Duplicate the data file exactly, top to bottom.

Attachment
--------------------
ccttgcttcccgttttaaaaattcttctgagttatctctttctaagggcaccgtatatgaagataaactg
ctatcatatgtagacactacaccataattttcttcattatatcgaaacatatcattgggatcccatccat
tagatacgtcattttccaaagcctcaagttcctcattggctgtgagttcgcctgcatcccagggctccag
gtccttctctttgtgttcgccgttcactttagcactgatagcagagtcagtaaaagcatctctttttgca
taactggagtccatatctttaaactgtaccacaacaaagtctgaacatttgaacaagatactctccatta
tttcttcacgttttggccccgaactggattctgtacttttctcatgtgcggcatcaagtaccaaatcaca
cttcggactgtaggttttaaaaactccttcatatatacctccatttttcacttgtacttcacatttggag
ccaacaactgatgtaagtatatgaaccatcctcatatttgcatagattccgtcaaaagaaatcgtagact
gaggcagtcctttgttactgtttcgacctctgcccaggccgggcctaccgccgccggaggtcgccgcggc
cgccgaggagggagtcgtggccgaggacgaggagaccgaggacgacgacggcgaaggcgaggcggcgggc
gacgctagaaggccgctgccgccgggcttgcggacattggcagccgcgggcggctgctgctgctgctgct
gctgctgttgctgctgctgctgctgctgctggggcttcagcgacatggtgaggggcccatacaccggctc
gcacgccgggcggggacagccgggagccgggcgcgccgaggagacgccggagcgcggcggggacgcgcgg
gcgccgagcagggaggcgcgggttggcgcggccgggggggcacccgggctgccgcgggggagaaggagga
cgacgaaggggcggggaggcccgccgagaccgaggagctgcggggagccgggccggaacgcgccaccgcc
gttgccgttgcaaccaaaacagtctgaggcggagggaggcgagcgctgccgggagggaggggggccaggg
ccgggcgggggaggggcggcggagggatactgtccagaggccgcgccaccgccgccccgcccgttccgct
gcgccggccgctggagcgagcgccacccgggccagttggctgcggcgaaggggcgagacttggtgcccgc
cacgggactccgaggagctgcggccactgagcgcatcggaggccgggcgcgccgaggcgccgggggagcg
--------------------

ccttgcttcccgttttaaaaattcttctgagttatctctttctaagggcaccgtatatgaagataaactg
ctatcatatgtagacactacaccataattttcttcattatatcgaaacatatcattgggatcccatccat
tagatacgtcattttccaaagcctcaagttcctcattggctgtgagttcgcctgcatcccagggctccag
gtccttctctttgtgttcgccgttcactttagcactgatagcagagtcagtaaaagcatctctttttgca
taactggagtccatatctttaaactgtaccacaacaaagtctgaacatttgaacaagatactctccatta
tttcttcacgttttggccccgaactggattctgtacttttctcatgtgcggcatcaagtaccaaatcaca
cttcggactgtaggttttaaaaactccttcatatatacctccatttttcacttgtacttcacatttggag
ccaacaactgatgtaagtatatgaaccatcctcatatttgcatagattccgtcaaaagaaatcgtagact
gaggcagtcctttgttactgtttcgacctctgcccaggccgggcctaccgccgccggaggtcgccgcggc
cgccgaggagggagtcgtggccgaggacgaggagaccgaggacgacgacggcgaaggcgaggcggcgggc
gacgctagaaggccgctgccgccgggcttgcggacattggcagccgcgggcggctgctgctgctgctgct
gctgctgttgctgctgctgctgctgctgctggggcttcagcgacatggtgaggggcccatacaccggctc
gcacgccgggcggggacagccgggagccgggcgcgccgaggagacgccggagcgcggcggggacgcgcgg
gcgccgagcagggaggcgcgggttggcgcggccgggggggcacccgggctgccgcgggggagaaggagga
cgacgaaggggcggggaggcccgccgagaccgaggagctgcggggagccgggccggaacgcgccaccgcc
gttgccgttgcaaccaaaacagtctgaggcggagggaggcgagcgctgccgggagggaggggggccaggg
ccgggcgggggaggggcggcggagggatactgtccagaggccgcgccaccgccgccccgcccgttccgct
gcgccggccgctggagcgagcgccacccgggccagttggctgcggcgaaggggcgagacttggtgcccgc
cacgggactccgaggagctgcggccactgagcgcatcggaggccgggcgcgccgaggcgccgggggagcg